Sunday, May 20, 2018
News Roundup

Arts Alliance still looking for money solution

ST. PETERSBURG — As the vision for the new Arts Alliance takes form, City Council members have key decisions to make, among which is how to pay for an endowment to support arts and culture in St. Petersburg.

A proposal from the council's Arts Funding Committee to dip into the $14.4 million Weeki Wachee fund was rejected last week. An ordinance states that the fund, created from the sale of a 440-acre recreation area along Weeki Wachee Springs in Hernando County, can be used only for parks, recreation, beautification or preservation.

Council member Jeff Danner, who sits on the Arts Funding Committee, said he is disappointed, but that he hopes to bring the matter up again.

With city grants for the arts severely cut, Danner said, "the idea was to come up with a way to add to that that wasn't tied to property taxes or the general revenue funding each year.''

Council member Steve Kornell did not support the proposal.

"I am deeply committed to the arts. I think they are an economic driver, but I don't think there is a will on council to use the Weeki Wachee fund,'' he said.

He suggested holding a concert to raise the money but said that, too, was shot down by his colleagues on the council. Yet, said Kornell, it worked for the Tampa Sports Authority, which raised $1 million from a Kenny Chesney concert at Raymond James Stadium last year.

This is not the first time that the idea of using the Weeki Wachee fund for the arts has been raised and dismissed. Kornell said he once suggested using a portion of the fund for youth, social services and the arts.

A 1999 referendum authorized the sale of the Weeki Wachee property, providing the money was used for parks, recreation, beautification or preservation. In the resolution proposed last week, though, the Arts Funding Committee said the referendum actually referred only to land on the west side of U.S. 19, not the east side. The committee asked that an ordinance be drafted to separate the funds so that interest from the sale of the eastside property could be used for the arts.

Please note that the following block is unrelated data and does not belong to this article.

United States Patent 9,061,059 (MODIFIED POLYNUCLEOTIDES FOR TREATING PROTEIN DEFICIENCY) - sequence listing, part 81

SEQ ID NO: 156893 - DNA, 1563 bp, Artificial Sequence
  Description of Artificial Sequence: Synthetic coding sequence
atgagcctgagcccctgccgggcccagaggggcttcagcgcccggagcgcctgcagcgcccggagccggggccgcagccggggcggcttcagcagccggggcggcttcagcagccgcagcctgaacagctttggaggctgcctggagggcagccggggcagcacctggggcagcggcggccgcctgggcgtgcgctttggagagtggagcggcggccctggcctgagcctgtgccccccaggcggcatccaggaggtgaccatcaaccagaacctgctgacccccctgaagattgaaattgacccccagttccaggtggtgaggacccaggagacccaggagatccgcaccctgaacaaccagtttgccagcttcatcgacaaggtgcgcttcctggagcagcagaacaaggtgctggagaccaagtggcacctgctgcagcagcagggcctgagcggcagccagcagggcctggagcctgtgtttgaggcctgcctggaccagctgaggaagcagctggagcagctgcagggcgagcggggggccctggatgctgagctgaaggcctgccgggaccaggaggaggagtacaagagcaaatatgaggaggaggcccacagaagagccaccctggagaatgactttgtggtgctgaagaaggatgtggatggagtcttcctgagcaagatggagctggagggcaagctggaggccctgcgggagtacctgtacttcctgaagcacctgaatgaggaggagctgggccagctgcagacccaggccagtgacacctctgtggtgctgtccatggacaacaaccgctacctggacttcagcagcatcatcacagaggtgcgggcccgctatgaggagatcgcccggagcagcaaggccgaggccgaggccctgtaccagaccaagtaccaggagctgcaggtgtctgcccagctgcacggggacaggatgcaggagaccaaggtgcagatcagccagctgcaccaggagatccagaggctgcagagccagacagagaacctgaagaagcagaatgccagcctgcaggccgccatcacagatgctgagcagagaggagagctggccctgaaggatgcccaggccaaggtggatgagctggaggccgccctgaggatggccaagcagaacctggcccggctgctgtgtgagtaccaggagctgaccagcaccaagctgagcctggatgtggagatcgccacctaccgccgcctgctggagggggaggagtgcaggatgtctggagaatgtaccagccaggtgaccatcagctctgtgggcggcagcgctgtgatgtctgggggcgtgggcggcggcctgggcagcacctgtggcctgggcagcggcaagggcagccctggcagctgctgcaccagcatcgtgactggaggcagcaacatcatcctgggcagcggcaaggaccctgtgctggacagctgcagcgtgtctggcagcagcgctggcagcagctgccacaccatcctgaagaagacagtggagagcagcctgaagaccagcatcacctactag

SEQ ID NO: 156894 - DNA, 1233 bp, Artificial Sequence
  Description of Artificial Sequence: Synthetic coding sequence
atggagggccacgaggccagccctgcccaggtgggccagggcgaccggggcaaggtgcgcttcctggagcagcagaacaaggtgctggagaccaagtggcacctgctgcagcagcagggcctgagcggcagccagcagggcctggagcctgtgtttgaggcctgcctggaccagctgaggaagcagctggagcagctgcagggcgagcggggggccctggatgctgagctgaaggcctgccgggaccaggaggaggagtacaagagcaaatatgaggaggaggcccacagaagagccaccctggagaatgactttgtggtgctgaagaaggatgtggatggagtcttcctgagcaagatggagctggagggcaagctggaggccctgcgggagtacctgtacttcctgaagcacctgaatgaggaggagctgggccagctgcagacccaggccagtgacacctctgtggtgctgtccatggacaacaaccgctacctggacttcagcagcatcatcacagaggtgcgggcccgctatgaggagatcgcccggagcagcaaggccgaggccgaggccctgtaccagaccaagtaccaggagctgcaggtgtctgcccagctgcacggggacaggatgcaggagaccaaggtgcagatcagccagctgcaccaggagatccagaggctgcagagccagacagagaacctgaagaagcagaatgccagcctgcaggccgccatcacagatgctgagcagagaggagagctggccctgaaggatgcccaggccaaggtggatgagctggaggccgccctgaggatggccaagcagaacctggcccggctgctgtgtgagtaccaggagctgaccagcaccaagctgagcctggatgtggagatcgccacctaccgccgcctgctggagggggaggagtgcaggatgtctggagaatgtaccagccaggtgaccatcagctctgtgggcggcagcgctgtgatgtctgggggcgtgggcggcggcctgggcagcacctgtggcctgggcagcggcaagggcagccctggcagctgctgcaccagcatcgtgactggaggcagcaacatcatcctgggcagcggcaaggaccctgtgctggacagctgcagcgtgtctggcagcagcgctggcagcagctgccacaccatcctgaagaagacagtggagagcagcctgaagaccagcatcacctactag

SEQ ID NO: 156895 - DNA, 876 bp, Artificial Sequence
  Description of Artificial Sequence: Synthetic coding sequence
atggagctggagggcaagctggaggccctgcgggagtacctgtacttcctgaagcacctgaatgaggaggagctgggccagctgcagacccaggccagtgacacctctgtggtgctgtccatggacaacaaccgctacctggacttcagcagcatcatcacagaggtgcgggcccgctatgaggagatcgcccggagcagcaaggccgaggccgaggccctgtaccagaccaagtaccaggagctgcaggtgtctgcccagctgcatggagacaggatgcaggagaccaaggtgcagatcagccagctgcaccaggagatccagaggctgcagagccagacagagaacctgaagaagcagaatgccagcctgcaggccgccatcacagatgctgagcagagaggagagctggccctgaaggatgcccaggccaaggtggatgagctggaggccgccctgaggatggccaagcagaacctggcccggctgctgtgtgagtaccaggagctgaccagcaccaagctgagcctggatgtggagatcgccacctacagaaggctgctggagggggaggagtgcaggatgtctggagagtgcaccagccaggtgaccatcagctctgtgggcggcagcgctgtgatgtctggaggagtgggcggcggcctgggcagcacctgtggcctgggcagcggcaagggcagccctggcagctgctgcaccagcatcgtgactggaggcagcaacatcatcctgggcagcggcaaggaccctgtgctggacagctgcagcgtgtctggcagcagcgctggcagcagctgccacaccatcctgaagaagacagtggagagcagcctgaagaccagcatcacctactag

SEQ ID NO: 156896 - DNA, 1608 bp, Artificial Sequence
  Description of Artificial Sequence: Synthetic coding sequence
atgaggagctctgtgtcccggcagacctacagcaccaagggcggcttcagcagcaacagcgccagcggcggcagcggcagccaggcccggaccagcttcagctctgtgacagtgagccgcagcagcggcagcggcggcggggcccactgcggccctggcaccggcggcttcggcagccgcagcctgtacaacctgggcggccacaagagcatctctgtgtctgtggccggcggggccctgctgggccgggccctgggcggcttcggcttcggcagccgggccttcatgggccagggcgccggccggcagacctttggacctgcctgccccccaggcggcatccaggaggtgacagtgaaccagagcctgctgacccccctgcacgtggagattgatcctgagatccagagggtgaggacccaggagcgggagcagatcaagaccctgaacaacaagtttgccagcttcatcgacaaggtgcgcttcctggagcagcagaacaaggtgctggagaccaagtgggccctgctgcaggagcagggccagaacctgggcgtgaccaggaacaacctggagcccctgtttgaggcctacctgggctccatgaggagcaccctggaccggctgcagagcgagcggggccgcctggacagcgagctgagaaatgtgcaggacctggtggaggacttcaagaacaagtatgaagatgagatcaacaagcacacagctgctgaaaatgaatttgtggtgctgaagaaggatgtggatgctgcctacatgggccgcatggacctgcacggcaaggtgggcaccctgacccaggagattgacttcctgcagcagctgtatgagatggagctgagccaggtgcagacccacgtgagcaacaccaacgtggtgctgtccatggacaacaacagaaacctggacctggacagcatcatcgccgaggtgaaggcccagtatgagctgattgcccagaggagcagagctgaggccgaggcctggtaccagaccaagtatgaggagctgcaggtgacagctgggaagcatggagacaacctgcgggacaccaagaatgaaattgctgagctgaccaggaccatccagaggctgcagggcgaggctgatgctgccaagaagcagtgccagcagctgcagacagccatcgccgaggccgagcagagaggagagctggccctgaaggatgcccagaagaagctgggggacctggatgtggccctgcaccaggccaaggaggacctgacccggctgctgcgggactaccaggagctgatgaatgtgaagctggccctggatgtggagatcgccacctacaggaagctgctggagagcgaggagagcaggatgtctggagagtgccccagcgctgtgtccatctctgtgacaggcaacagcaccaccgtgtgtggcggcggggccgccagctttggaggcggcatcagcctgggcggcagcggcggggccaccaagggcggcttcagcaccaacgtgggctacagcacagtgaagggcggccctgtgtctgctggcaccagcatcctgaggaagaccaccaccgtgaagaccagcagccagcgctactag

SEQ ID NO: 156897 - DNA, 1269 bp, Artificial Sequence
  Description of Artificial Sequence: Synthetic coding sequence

That might be legal, Kornell said Tuesday, but "when you tell the public you're doing something, you have to stick to that."

The idea for the Arts Alliance and related endowment emerged in the wake of budget allocations for the arts that dropped from more than $400,000 in 2007 to $175,000 in the past four years. Last fall, the council allocated $100,000 to start the alliance, with $50,000 designated to hire consultant John Collins. His charge is to launch the alliance and research ways to help fund the St. Petersburg Endowment for the Arts.

About two years ago, as head of the volunteer Arts Advisory Committee, he spearheaded a study of 32 organizations that looked at the economic impact of arts and culture in the city. It found that arts and cultural organizations provided more than 500 jobs and brought in 1.3 million visitors who spent $26 million in 2009.

"I think the return on the investment in the arts is measurable,'' he said during an interview this week.

Collins recently submitted a report to the council arts committee laying out several ways in which money could be raised for the arts endowment. One way was with $500,000 to $1 million from the Weeki Wachee fund.

"It would make a significant statement that St. Petersburg is indeed a city of the arts," he wrote, estimating that the endowment would generate $25,000 to $50,000 a year.

His report also gave examples of ways other areas around the country fund the arts. Miami-Dade, for example, uses a tourist development tax, Ohio's Cuyahoga County, a cigarette sales tax, and Oregon and southwest Washington, employee charitable campaigns.

Today Collins will present his report at the Mahaffey Theater during a meeting of St. Pete Arts — made up of leaders of the city's arts organizations — focusing on eight models that could be considered for funding the local endowment. The Weeki Wachee fund will not be one.

Waveney Ann Moore can be reached at [email protected] or (727) 892-2283.

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